Every aphorism here is a about a Procrustean bed of sorts–we humans, facing limits of knowledge, and things we do not observe, the unseen and the unknown, resolve the tension by squeezing life and the world into crisp commoditized ideas, reductive categories, specific vocabularies, and prepackaged narratives.

These aphorisms are standalone compressed thoughts revolving around my main idea of how we deal, and should deal, with what we don't know.

The person you are most afraid to contradict is yourself.

An idea starts to be interesting when you get scared of taking it to its logical conclusion.

To bankrupt a fool, give him information.

An erudite is someone who displays less than he knows; a journalist or consultant, the opposite.

Your brain is most intelligent when you don't instruct it on what to do–something people who take showers discover on occasion.

In nature we never repeat the same motion; in captivity (office, gym, commute, sports), life is just repetitive-stress injury. No randomness.

If you know, in the morning, what your day looks like with any precision, you are a little bit dead–the more precision, the more dead you are.

When we want to do something while unconsciously certain to fail, we seek advice so we can blame someone else for the failure.

The most painful moments are not those we spend with uninteresting people; rather, they are those spent with uninteresting people trying hard to be interesting.

The characteristic feature of the loser is to bemoan, in general terms, mankind's flaws, biases, contradictions, and irrationality–without exploiting them for fun and profit.

You exist if and only if you are free to do things without a visible objective, with no justification and, above all, outside the dictatorship of someone else's narrative.

To be completely cured of newspapers, spend a year reading the previous week's newspapers.

The opposite of success isn't failure; it is name-dropping.

Modernity needs to understand that being rich and becoming rich are not mathematically, personally, socially, and ethically the same thing.

The fastest way to become rich is to socialize with the poor; the fastest way to become poor is to socialize with the rich.

You will be civilized on the day you can spend a long period doing nothing, learning nothing, and improving nothing, without feeling the slightest amount of guilt.

Someone who says "I am busy" is either declaring incompetence (and lack of control of his life) or trying to get rid of you.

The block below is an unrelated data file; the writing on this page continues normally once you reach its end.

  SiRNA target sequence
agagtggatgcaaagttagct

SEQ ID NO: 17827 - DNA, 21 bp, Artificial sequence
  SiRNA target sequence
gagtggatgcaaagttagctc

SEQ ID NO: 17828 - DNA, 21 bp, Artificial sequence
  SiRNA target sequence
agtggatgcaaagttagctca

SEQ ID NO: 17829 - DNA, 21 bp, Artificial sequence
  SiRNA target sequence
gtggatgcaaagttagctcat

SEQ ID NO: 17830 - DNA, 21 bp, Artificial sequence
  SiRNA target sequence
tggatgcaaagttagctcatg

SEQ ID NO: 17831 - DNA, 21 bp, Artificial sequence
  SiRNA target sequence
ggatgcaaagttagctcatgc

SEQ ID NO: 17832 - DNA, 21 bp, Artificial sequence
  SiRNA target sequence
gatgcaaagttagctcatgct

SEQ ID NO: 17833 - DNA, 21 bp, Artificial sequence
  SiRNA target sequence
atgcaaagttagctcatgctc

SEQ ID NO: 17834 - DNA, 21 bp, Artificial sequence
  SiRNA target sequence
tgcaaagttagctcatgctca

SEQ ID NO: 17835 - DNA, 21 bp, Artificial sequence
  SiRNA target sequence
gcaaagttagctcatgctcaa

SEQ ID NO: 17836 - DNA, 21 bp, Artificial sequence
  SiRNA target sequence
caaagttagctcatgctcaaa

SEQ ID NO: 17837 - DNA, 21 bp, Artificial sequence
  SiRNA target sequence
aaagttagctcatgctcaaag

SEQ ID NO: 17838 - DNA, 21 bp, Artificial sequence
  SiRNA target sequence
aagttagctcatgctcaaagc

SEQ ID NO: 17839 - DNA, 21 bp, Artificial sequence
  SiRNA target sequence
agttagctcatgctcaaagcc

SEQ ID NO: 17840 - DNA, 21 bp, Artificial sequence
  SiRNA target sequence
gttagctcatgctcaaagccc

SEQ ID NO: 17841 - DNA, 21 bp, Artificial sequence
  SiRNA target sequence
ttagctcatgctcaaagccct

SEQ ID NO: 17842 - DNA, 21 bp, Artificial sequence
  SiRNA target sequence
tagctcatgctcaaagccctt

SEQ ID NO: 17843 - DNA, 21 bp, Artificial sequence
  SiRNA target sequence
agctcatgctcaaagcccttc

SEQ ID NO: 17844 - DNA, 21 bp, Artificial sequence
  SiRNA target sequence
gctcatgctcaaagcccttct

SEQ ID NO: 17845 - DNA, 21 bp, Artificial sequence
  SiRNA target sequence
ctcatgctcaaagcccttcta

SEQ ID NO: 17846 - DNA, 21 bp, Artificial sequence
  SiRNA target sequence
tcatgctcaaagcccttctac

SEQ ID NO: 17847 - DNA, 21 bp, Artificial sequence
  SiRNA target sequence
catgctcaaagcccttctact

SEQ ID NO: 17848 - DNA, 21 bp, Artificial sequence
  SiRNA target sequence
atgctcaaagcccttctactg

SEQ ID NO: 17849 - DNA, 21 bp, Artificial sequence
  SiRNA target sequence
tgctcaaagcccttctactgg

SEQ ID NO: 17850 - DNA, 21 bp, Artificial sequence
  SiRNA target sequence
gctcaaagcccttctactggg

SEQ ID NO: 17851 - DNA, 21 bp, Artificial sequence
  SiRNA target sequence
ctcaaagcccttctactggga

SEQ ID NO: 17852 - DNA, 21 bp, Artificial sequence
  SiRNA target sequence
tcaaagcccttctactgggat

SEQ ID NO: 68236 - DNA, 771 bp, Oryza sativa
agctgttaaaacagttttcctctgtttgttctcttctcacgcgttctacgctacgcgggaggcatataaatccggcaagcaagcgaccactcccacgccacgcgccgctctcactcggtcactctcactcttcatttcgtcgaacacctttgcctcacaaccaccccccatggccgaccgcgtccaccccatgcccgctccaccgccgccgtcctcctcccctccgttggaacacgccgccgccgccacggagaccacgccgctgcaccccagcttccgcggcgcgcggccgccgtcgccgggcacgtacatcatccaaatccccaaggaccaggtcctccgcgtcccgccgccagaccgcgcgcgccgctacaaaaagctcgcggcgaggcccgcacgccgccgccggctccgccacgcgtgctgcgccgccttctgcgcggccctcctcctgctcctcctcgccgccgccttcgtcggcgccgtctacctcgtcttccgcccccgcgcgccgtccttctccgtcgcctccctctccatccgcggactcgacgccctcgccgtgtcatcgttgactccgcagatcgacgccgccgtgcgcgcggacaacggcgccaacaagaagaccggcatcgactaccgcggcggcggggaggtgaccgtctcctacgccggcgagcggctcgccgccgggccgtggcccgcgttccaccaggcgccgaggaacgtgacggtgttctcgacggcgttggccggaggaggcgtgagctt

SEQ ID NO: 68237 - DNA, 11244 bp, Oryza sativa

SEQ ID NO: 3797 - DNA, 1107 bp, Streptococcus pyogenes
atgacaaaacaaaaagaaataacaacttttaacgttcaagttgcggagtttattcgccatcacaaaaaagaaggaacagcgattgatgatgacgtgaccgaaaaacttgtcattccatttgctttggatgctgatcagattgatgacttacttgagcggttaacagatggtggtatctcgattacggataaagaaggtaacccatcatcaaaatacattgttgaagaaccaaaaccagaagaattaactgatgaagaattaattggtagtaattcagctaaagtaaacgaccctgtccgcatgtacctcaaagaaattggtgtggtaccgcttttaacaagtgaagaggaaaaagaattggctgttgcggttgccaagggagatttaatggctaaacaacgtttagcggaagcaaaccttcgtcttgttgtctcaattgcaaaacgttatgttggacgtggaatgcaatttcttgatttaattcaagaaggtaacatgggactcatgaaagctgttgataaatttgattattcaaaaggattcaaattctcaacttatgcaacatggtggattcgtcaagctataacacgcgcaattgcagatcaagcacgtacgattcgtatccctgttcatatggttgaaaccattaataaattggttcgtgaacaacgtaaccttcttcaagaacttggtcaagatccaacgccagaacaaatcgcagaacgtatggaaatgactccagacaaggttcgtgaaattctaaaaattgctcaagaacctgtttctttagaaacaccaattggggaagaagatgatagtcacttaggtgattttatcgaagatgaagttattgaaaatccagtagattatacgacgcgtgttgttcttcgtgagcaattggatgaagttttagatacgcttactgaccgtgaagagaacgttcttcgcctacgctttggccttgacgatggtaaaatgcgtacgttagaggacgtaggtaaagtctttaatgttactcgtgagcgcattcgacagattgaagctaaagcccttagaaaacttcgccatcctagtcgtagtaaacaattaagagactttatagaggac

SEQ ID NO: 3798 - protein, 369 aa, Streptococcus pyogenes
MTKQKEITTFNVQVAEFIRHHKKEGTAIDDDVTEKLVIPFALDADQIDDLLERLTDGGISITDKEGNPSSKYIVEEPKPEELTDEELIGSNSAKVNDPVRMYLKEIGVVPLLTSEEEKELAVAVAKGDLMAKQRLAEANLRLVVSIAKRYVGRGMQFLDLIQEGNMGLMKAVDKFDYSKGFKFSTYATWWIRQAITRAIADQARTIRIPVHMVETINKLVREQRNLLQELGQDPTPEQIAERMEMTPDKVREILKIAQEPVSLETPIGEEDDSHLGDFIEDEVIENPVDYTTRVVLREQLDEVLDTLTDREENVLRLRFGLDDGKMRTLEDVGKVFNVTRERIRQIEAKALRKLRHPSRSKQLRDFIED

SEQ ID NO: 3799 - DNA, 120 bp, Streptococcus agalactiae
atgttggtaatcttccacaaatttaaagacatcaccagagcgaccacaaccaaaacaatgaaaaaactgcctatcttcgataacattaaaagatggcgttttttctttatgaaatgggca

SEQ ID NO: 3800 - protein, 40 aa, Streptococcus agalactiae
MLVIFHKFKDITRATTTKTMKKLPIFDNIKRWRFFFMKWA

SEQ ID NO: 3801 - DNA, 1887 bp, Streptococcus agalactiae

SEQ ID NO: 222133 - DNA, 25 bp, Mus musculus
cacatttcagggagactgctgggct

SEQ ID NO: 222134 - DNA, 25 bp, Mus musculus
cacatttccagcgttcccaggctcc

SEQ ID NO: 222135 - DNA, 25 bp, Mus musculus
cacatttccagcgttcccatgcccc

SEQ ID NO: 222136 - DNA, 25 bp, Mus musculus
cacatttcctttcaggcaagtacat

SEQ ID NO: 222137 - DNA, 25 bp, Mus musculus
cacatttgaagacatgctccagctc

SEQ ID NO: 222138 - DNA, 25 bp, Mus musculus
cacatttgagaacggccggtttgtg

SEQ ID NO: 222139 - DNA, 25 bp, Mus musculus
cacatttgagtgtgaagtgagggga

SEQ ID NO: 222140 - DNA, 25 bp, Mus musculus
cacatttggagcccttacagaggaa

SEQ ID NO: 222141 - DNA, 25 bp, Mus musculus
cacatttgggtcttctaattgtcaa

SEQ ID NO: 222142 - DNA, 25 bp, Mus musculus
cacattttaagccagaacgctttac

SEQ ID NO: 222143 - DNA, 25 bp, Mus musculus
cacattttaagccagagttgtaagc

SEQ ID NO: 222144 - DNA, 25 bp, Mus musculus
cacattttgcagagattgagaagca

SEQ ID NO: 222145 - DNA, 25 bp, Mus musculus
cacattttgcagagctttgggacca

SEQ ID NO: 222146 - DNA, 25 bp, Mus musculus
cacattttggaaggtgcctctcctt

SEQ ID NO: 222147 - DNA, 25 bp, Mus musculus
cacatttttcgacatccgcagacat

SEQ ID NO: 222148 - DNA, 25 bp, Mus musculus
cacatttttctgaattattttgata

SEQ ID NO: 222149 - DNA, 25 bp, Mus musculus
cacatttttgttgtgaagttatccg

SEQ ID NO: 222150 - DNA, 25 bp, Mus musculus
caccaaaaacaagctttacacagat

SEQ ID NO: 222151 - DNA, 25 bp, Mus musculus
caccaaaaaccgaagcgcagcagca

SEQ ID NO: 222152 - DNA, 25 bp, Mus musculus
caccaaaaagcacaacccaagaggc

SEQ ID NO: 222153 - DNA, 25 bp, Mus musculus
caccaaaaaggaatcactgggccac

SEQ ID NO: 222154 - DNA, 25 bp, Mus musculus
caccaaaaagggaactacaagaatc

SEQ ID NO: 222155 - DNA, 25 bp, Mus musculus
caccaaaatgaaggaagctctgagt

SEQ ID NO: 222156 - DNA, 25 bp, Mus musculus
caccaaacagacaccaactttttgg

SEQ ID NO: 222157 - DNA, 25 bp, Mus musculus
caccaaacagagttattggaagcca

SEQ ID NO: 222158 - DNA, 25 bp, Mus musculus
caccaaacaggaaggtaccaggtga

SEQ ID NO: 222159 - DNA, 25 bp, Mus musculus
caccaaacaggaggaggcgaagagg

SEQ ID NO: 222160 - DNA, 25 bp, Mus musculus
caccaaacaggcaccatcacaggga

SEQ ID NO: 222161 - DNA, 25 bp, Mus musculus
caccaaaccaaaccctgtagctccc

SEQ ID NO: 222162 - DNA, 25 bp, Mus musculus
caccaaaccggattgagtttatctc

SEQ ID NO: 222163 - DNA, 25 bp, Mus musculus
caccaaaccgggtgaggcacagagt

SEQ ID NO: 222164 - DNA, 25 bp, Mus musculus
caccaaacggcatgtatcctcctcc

To see if you like where you are, without the chains of dependence, check if you are as happy returning as you were leaving.

Modernity: we created youth without heroism, age without wisdom, and life without grandeur.

People focus on role models; it is more effective to find antimodels–people you don't want to resemble when you grow up.

People usually apologize so they can do it again.

It is those who use others who are the most upset when someone uses them.

The three most harmful addictions are heroin, carbohydrates, and a monthly salary.

My only measure of success is how much time you have to kill.

With terminal disease, nature lets you die with abbreviated suffering; medicine lets you suffer with prolonged dying.

Only in recent history has "working hard" signaled pride rather than shame for lack of talent, finesse, and, mostly, sprezzatura.

We are hunters; we are only truly alive in those moments when we improvise; no schedule, just small surprises and stimuli from the environment.

You are alive in inverse proportion to the density of cliches in your writing.

We unwittingly amplify commonalities with friends, dissimilarities with strangers, and contrasts with enemies.

True humility is when you can surprise yourself more than others; the rest is either shyness or good marketing.

For the robust, an error is information; for the fragile an error is an error.

Games were created to give nonheroes the illusion of winning. In real life, you don't know who really won or lost (except too late), but you can tell who is heroic and who is not.

Knowledge is subtractive, not additive–what we subtract (reduction by what does not work, what not to do), not what we add (what to do).